NARRATOR: But just as Hendrik stooped down to pick up some sticks, he was stopped...

WOOD SPIRIT: Well done, Hendrik!

NARRATOR: a voice!

HENDRIK: Wait, what?!? Now who’s talking to me!? Is it another tree?

NARRATOR: Hendrik swiveled his head this way and that. Suddenly, from behind a bush, he saw a small spritely woman leap out. The woman was no taller than Hendrik’s axe… but her long white hair fell all the way to the forest floor.

WOOD SPIRIT: Oh! You look startled, Hendrik! I didn’t mean to frighten you!

NARRATOR: Hendrik blinked his eyes.

HENDRIK: Who are you?!? And what do you mean, “Well done”?!?

WOOD SPIRIT: Excellent questions, Hendrik. Excellent questions indeed! To answer the first, I am the Wood Spirit! The trees are my children! My treasures! Which brings us to your second question. I say “well done,” because you listened to my children, Hendrik! You paid attention! You heard them out as they explained their purpose, their importance… and you spared their lives! And for that you will be rewarded, Hendrik....Provided you follow one rule.

NARRATOR: What reward do you think Hendrik will receive?

And what “rule” must he follow?

We’ll find out, after a quick break.


NARRATOR: I’m Rebecca Sheir. Welcome back to Circle Round. Today our story is called “The Laws of Nature.”

NARRATOR: Before the break, Hendrik discovered that the trees of the forest… could talk! They convinced the farmer to spare their lives, and not chop them down for firewood.

To thank Hendrik for his kindness and compassion, the Wood Spirit offered him a reward. The pint-sized woman reached into her coat, and handed Hendrik... a tree branch shaped like a rod.

WOOD SPIRIT: This rod has great magic, Hendrik. It unleashes the power of nature to grant your wishes.

HENDRIK: “The power of nature”...?

WOOD SPIRIT: Yes! With this rod, you have all the powers of nature at your command. Need help plowing your fields? Make your request, wave the rod, and the moles and earthworms will plow and dig for you. Need help planting your fields? Wave the rod and the ants will scurry out of their anthills and march from row to row, sowing every seed.

NARRATOR: Hendrik’s eyebrows shot up.

HENDRIK: The wooden rod can do all that?

WOOD SPIRIT: ‘All that’ and more! But listen to me, Hendrik, and listen well. You must stay reasonable, and sensible. Do not wish for anything that goes against nature… anything that would be impossible in the natural world. If you do, the magic will disappear. Just. Like. That.

NARRATOR: The Wood Spirit snapped her fingers — and then she disappeared, just like that!

HENDRIK: Wowwww!

NARRATOR: Hendrik could hardly wait to take his new gift for a spin. The next morning, he brought the rod out to one of his fields, waved it around, and made his first wish.

HENDRIK: I wish for help plowing my fields!

NARRATOR: Next thing Hendrik knew, the ground was crawling with moles and earthworms, all of them digging in the dirt.

HENDRIK: Woah! It’s just like the Wood Spirit said! Thank you, moles and earthworms! Now, let’s try something else!

NARRATOR: Hendrik raced over to another one of his fields.

HENDRIK: I wish for help planting my fields!

NARRATOR: And just like that, an army of ants came marching over, dropping seed after seed into the earth.

HENDRIK: This is amazing! Thank you, ants!

NARRATOR: Hendrik began using the enchanted rod all the time. If he was craving something sweet…?

HENDRIK: I wish for some fresh honey!

NARRATOR: ...a swarm of bees would come buzzing over, carrying a sticky, dripping honeycomb.

HENDRIK: Thank you, bees!

NARRATOR: If he was feeling hungry…?

HENDRIK: I wish for some ripe berries!

NARRATOR: ...a flock of birds would approach, their beaks bursting with blueberries and strawberries.

HENDRIK: Thank you, birds!

NARRATOR: Hendrik’s life got easier and easier… and Hendrik got lazier and lazier. Before long, he was having the squirrels pick fruits and vegetables for him, and the wolves and elk gathering branches for his fire every night!

But… even though Hendrik never lifted a finger anymore... as he made his wishes he always remembered the Wood Spirit’s warning:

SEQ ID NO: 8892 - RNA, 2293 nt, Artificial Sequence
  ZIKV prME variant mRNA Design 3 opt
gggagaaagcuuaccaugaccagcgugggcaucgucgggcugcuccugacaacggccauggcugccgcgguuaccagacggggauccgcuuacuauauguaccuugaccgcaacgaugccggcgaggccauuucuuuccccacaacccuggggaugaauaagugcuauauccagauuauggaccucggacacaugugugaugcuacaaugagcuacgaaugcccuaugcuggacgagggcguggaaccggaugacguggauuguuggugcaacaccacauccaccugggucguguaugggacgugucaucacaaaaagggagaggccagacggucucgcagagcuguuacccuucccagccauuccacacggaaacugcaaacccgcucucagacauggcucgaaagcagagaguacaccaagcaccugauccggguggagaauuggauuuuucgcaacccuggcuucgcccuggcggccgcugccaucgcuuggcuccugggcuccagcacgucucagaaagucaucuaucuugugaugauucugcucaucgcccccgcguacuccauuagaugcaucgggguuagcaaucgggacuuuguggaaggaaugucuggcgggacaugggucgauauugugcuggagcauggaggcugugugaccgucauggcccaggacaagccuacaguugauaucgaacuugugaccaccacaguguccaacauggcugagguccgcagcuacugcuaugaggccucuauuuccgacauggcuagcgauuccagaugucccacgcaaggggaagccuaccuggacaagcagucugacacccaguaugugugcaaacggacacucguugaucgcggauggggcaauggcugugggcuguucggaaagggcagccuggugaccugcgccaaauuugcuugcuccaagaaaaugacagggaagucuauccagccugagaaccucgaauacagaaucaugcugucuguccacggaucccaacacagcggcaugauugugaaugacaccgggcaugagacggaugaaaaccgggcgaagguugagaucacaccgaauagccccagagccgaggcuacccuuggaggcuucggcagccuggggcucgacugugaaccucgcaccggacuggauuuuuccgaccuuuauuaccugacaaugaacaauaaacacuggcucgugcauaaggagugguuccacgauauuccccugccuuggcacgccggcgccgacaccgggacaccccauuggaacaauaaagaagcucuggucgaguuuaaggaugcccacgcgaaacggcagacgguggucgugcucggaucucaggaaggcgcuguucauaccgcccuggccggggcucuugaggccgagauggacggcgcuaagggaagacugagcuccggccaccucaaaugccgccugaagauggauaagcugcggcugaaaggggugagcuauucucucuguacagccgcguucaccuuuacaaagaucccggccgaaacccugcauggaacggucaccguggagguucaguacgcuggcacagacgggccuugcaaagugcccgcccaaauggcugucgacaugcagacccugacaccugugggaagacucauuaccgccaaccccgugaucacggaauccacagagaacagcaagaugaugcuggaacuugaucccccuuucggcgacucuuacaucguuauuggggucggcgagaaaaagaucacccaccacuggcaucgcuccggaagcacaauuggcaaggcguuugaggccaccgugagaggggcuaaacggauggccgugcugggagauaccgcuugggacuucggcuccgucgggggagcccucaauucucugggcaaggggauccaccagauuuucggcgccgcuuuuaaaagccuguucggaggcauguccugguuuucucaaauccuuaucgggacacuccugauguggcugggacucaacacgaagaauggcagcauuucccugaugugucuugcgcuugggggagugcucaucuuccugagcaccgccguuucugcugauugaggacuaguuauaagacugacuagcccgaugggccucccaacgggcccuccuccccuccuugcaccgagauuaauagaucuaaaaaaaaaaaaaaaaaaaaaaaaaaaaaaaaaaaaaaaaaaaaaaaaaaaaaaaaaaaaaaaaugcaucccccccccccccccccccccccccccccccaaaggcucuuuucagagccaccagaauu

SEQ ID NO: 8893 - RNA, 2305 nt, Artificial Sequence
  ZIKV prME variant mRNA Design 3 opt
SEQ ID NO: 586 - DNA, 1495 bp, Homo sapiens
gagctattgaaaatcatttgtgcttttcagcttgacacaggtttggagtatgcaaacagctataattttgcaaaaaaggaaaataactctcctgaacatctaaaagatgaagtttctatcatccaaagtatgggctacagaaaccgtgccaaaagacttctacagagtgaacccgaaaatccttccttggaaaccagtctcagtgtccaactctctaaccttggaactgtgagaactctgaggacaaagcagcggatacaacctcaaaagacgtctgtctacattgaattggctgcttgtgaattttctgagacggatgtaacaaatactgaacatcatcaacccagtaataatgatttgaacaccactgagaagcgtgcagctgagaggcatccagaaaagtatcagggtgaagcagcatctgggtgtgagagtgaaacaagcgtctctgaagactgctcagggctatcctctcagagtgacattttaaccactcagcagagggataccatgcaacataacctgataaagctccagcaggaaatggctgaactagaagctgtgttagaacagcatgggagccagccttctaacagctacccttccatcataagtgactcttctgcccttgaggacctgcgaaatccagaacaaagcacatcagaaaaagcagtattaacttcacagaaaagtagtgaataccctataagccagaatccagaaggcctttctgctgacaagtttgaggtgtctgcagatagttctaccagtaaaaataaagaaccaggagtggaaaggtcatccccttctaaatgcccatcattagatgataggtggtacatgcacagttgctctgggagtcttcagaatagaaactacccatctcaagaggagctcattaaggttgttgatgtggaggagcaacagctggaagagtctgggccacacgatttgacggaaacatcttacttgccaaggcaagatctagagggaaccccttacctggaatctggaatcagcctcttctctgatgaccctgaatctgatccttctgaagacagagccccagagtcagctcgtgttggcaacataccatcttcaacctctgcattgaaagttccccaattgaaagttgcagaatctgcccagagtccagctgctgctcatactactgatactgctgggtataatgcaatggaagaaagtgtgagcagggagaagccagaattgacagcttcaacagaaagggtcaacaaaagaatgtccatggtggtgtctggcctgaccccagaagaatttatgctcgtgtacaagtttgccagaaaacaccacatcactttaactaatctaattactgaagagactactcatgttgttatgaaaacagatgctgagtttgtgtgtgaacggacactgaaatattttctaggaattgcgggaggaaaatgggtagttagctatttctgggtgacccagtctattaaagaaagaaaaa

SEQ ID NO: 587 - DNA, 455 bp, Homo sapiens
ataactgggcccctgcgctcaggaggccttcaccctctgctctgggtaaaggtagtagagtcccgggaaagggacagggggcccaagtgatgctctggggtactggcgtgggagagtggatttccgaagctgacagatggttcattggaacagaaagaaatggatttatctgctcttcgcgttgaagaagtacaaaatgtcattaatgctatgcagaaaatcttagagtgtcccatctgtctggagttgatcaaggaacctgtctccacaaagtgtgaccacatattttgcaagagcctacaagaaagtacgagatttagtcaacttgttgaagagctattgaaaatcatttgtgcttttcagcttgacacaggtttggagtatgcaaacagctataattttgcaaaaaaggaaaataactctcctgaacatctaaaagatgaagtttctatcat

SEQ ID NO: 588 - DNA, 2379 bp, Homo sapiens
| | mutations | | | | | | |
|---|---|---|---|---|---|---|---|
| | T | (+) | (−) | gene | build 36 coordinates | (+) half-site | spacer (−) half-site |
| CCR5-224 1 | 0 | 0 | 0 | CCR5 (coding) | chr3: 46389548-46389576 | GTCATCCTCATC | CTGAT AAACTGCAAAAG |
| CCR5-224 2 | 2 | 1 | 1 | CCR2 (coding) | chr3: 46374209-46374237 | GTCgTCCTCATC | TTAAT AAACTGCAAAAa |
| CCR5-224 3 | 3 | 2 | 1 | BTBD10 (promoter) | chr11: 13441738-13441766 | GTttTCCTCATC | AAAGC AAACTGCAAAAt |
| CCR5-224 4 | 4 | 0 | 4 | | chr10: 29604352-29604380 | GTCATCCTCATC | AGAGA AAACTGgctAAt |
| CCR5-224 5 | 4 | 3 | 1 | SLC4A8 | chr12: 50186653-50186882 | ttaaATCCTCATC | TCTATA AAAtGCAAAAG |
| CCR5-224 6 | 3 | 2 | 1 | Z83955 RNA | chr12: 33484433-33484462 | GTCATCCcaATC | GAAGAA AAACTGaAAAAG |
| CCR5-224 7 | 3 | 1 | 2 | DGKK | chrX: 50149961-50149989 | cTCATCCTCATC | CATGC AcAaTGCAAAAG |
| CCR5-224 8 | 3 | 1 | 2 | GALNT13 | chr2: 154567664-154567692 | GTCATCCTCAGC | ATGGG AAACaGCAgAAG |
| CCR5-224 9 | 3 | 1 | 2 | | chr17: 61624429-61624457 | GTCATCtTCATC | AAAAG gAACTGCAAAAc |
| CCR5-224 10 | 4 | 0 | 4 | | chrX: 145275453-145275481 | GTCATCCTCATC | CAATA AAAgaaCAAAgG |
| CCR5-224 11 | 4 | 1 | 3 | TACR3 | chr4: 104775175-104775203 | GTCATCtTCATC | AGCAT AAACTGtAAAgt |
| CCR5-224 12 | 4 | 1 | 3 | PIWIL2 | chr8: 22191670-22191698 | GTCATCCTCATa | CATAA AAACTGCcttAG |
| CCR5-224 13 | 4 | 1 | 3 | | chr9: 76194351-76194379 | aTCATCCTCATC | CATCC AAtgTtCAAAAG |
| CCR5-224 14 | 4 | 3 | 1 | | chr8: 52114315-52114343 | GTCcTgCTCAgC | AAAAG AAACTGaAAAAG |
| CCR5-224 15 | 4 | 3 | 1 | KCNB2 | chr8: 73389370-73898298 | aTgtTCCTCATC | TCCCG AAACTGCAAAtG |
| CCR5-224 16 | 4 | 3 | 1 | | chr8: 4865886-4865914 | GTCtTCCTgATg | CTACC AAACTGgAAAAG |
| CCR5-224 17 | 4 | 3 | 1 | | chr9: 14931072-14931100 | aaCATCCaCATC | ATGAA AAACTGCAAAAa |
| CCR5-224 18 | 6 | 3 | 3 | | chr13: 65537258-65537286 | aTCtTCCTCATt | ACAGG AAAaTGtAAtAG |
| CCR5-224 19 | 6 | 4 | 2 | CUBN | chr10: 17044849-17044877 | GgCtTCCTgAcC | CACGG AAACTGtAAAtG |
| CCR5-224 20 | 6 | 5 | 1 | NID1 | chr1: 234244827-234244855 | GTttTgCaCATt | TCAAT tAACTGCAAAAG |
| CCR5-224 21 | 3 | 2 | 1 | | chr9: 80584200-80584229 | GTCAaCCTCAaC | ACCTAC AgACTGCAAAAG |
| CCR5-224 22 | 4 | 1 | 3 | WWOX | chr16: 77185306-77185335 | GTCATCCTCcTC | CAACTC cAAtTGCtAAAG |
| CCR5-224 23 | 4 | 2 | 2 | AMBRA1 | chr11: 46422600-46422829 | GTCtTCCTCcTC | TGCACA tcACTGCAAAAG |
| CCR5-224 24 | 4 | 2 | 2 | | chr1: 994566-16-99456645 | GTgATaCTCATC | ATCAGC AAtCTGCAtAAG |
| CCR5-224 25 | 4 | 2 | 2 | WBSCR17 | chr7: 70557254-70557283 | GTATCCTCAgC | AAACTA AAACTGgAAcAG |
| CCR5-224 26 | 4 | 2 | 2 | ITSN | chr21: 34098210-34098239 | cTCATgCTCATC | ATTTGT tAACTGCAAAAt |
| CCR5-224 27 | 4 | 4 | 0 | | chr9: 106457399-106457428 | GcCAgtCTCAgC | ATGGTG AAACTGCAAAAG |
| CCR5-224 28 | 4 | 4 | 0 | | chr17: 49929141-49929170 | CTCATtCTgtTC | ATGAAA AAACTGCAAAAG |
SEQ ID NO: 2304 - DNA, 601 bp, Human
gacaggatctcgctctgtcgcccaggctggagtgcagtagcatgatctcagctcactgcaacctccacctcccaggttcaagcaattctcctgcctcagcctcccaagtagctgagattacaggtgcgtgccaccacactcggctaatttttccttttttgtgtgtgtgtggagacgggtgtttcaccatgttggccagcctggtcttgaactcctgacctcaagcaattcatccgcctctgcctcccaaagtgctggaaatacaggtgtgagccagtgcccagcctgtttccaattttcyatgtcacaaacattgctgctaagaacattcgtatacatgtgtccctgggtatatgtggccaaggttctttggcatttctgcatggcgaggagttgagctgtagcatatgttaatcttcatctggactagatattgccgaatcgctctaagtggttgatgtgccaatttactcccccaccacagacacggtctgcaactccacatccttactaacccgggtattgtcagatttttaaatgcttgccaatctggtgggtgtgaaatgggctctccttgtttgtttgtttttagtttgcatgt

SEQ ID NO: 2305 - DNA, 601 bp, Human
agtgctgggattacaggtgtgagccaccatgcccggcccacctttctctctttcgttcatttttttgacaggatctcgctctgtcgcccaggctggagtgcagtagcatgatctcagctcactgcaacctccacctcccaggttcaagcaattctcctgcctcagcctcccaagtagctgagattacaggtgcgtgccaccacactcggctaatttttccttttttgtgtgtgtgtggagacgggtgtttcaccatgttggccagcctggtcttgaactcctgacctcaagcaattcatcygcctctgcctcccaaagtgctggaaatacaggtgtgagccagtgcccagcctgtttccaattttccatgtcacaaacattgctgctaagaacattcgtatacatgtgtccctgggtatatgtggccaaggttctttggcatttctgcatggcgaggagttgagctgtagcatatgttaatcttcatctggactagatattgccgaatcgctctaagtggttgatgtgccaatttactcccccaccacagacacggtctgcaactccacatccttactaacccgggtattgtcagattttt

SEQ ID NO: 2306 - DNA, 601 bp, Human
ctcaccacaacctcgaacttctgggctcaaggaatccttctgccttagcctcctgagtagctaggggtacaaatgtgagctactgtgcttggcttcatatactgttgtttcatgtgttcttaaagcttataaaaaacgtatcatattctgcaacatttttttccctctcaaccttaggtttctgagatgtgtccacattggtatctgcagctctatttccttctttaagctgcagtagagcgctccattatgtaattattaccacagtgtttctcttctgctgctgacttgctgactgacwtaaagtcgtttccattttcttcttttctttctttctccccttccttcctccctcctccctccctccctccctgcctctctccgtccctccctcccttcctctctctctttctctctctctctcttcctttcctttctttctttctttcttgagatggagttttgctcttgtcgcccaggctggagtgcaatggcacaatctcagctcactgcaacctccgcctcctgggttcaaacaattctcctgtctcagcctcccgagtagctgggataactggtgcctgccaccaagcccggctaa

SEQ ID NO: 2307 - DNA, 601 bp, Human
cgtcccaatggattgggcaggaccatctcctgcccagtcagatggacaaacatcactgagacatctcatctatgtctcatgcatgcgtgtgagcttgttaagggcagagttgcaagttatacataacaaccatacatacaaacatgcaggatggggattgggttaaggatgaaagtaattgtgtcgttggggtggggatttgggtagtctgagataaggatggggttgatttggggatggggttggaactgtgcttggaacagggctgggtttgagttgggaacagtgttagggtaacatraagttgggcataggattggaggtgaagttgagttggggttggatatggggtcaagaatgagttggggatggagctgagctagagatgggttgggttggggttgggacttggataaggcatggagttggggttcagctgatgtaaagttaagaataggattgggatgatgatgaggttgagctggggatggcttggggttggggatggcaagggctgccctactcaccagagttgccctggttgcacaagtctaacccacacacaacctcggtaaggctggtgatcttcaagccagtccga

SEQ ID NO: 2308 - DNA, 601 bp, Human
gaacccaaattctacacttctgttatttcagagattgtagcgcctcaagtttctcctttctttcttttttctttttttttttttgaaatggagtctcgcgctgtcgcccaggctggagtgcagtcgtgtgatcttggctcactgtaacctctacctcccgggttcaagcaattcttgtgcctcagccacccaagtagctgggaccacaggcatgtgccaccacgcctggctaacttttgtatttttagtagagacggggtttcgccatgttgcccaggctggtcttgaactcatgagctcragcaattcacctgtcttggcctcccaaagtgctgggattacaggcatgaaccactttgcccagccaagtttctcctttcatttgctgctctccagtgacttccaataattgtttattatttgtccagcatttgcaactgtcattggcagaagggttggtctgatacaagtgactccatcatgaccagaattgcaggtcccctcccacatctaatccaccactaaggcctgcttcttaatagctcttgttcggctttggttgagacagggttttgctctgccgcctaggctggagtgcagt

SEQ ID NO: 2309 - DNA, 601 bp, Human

WOOD SPIRIT: Do not wish for anything that goes against nature… anything that would be impossible in the natural world. If you do, the magic will disappear. Just. Like. That.

NARRATOR: But then came winter.

In Hendrik’s part of the world, far up north, winter was especially cold and dark. The air was bitter, the snow was heavy, and though the sun came out for a couple of hours a day, you couldn’t feel a lick of its warmth.

And this year, when December rolled around, Hendrik was particularly displeased.

HENDRIK: Uch! Is it just me, or is it especially freezing this winter? I’m wrapped up in blankets and shivering down to my socks! And it’s so dark outside, so dreary! If only there were a way to warm things up! If only --

NARRATOR: All of a sudden, Hendrik fell silent.

And do you know why?

Because he realized there was a way to warm things up’… or so he thought.

Quick as a wink, he threw off his blankets, rushed to the table, and snatched up the enchanted rod.

HENDRIK: Oh, this is going to be spectacular! Just spectacular!

NARRATOR: Without even pausing to put on a coat or boots, Hendrik threw open the door and sprinted out into the cold. His slippered feet sank deep into the snow as he stood in his yard and gazed at the gloomy grey sky. Then he shot his arm up, and swooped the rod through the air with a grand flourish.

HENDRIK: I wish for some warmth! No! I wish for some heat! Lots of heat! I wish for the sun’s rays to shine down from the sky, more scorching and blazing than ever!

NARRATOR: Well, no sooner had Hendrik said those words than the sun came bursting through the clouds. Its golden face grew brighter and brighter… and hotter and hotter… until it got so bright, and so hot, that one of its rays beamed down from the sky, headed toward Hendrik’s enchanted rod, and...

NARRATOR: ...set it ablaze!

HENDRIK: Yowwww!

NARRATOR: Hendrik hurled the burning rod as far as he could. It landed at the edge of the forest, and the trees along the edge began to smolder and smoke.

NARRATOR: Luckily, one of those trees was an aspen — which, as you may recall, holds more water than most trees, so it prevented the fire from spreading.

And before long, the fire fizzled out.

So most of the trees were saved.

But they never spoke again.

Though it’s believed that if you walk through the woods and listen — really listen — you can hear the trees whispering to each other in the wind.

They’re telling each other the story of Hendrik the farmer, who made an impossible wish... and lost the magic.

Just. Like. That.

Rebecca Sheir Twitter Host, Circle Round
Rebecca Sheir is the host "Circle Round," WBUR's kids storytelling podcast.